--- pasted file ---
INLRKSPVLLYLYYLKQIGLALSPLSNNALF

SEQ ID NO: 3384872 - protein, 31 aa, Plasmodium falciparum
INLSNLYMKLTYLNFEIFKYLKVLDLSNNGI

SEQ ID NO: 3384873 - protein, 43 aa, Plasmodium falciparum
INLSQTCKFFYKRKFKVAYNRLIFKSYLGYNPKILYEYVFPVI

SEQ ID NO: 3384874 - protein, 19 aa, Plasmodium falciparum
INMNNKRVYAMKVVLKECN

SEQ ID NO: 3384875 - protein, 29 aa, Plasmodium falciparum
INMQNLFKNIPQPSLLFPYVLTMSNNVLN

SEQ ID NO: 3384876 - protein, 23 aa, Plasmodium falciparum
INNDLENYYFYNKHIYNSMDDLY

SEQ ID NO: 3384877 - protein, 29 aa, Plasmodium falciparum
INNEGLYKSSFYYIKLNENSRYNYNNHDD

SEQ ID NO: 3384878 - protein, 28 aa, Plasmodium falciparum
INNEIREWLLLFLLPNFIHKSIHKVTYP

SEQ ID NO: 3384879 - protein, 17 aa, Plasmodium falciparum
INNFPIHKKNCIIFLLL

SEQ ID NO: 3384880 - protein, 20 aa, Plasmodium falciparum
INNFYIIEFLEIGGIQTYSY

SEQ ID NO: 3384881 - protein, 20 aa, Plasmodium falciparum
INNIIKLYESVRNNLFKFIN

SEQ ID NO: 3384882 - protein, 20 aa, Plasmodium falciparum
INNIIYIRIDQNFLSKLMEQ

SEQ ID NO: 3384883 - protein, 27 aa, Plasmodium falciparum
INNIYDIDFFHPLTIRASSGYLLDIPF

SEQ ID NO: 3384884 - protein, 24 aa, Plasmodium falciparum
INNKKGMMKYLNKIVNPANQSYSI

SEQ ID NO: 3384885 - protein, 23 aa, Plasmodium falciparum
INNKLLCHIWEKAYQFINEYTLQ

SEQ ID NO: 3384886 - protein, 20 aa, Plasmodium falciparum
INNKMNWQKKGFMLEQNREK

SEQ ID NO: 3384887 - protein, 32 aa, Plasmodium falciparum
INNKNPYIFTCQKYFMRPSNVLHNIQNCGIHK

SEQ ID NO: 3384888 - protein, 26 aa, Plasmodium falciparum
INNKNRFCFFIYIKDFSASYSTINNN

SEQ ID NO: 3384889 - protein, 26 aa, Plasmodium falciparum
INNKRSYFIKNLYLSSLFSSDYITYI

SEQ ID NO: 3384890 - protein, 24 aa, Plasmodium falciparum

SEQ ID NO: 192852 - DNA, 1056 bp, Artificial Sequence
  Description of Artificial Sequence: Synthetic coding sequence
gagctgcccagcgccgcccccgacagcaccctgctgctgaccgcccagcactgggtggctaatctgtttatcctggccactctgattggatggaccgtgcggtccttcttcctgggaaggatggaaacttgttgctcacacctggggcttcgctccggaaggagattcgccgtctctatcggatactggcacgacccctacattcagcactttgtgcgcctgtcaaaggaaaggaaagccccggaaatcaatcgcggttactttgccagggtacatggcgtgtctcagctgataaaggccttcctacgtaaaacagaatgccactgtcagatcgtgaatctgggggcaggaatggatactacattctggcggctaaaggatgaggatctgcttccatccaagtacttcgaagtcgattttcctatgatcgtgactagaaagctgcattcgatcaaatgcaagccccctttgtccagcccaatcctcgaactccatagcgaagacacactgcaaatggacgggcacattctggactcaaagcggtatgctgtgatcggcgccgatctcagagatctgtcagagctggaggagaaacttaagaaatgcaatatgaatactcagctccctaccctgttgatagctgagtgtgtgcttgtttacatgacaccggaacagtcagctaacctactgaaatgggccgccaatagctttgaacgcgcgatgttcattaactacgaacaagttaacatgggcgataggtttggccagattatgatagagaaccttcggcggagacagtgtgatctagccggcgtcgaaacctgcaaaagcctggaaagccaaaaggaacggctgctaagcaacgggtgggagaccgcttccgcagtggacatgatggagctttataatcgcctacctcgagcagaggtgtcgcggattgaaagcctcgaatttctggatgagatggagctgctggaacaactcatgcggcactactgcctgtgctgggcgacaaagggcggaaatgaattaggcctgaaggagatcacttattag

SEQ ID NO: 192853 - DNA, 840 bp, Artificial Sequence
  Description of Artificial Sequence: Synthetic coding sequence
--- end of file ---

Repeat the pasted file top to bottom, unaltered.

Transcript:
INLRKSPVLLYLYYLKQIGLALSPLSNNALF

SEQ ID NO: 3384872 - protein, 31 aa, Plasmodium falciparum
INLSNLYMKLTYLNFEIFKYLKVLDLSNNGI

SEQ ID NO: 3384873 - protein, 43 aa, Plasmodium falciparum
INLSQTCKFFYKRKFKVAYNRLIFKSYLGYNPKILYEYVFPVI

SEQ ID NO: 3384874 - protein, 19 aa, Plasmodium falciparum
INMNNKRVYAMKVVLKECN

SEQ ID NO: 3384875 - protein, 29 aa, Plasmodium falciparum
INMQNLFKNIPQPSLLFPYVLTMSNNVLN

SEQ ID NO: 3384876 - protein, 23 aa, Plasmodium falciparum
INNDLENYYFYNKHIYNSMDDLY

SEQ ID NO: 3384877 - protein, 29 aa, Plasmodium falciparum
INNEGLYKSSFYYIKLNENSRYNYNNHDD

SEQ ID NO: 3384878 - protein, 28 aa, Plasmodium falciparum
INNEIREWLLLFLLPNFIHKSIHKVTYP

SEQ ID NO: 3384879 - protein, 17 aa, Plasmodium falciparum
INNFPIHKKNCIIFLLL

SEQ ID NO: 3384880 - protein, 20 aa, Plasmodium falciparum
INNFYIIEFLEIGGIQTYSY

SEQ ID NO: 3384881 - protein, 20 aa, Plasmodium falciparum
INNIIKLYESVRNNLFKFIN

SEQ ID NO: 3384882 - protein, 20 aa, Plasmodium falciparum
INNIIYIRIDQNFLSKLMEQ

SEQ ID NO: 3384883 - protein, 27 aa, Plasmodium falciparum
INNIYDIDFFHPLTIRASSGYLLDIPF

SEQ ID NO: 3384884 - protein, 24 aa, Plasmodium falciparum
INNKKGMMKYLNKIVNPANQSYSI

SEQ ID NO: 3384885 - protein, 23 aa, Plasmodium falciparum
INNKLLCHIWEKAYQFINEYTLQ

SEQ ID NO: 3384886 - protein, 20 aa, Plasmodium falciparum
INNKMNWQKKGFMLEQNREK

SEQ ID NO: 3384887 - protein, 32 aa, Plasmodium falciparum
INNKNPYIFTCQKYFMRPSNVLHNIQNCGIHK

SEQ ID NO: 3384888 - protein, 26 aa, Plasmodium falciparum
INNKNRFCFFIYIKDFSASYSTINNN

SEQ ID NO: 3384889 - protein, 26 aa, Plasmodium falciparum
INNKRSYFIKNLYLSSLFSSDYITYI

SEQ ID NO: 3384890 - protein, 24 aa, Plasmodium falciparum

SEQ ID NO: 192852 - DNA, 1056 bp, Artificial Sequence
  Description of Artificial Sequence: Synthetic coding sequence
gagctgcccagcgccgcccccgacagcaccctgctgctgaccgcccagcactgggtggctaatctgtttatcctggccactctgattggatggaccgtgcggtccttcttcctgggaaggatggaaacttgttgctcacacctggggcttcgctccggaaggagattcgccgtctctatcggatactggcacgacccctacattcagcactttgtgcgcctgtcaaaggaaaggaaagccccggaaatcaatcgcggttactttgccagggtacatggcgtgtctcagctgataaaggccttcctacgtaaaacagaatgccactgtcagatcgtgaatctgggggcaggaatggatactacattctggcggctaaaggatgaggatctgcttccatccaagtacttcgaagtcgattttcctatgatcgtgactagaaagctgcattcgatcaaatgcaagccccctttgtccagcccaatcctcgaactccatagcgaagacacactgcaaatggacgggcacattctggactcaaagcggtatgctgtgatcggcgccgatctcagagatctgtcagagctggaggagaaacttaagaaatgcaatatgaatactcagctccctaccctgttgatagctgagtgtgtgcttgtttacatgacaccggaacagtcagctaacctactgaaatgggccgccaatagctttgaacgcgcgatgttcattaactacgaacaagttaacatgggcgataggtttggccagattatgatagagaaccttcggcggagacagtgtgatctagccggcgtcgaaacctgcaaaagcctggaaagccaaaaggaacggctgctaagcaacgggtgggagaccgcttccgcagtggacatgatggagctttataatcgcctacctcgagcagaggtgtcgcggattgaaagcctcgaatttctggatgagatggagctgctggaacaactcatgcggcactactgcctgtgctgggcgacaaagggcggaaatgaattaggcctgaaggagatcacttattag

SEQ ID NO: 192853 - DNA, 840 bp, Artificial Sequence
  Description of Artificial Sequence: Synthetic coding sequence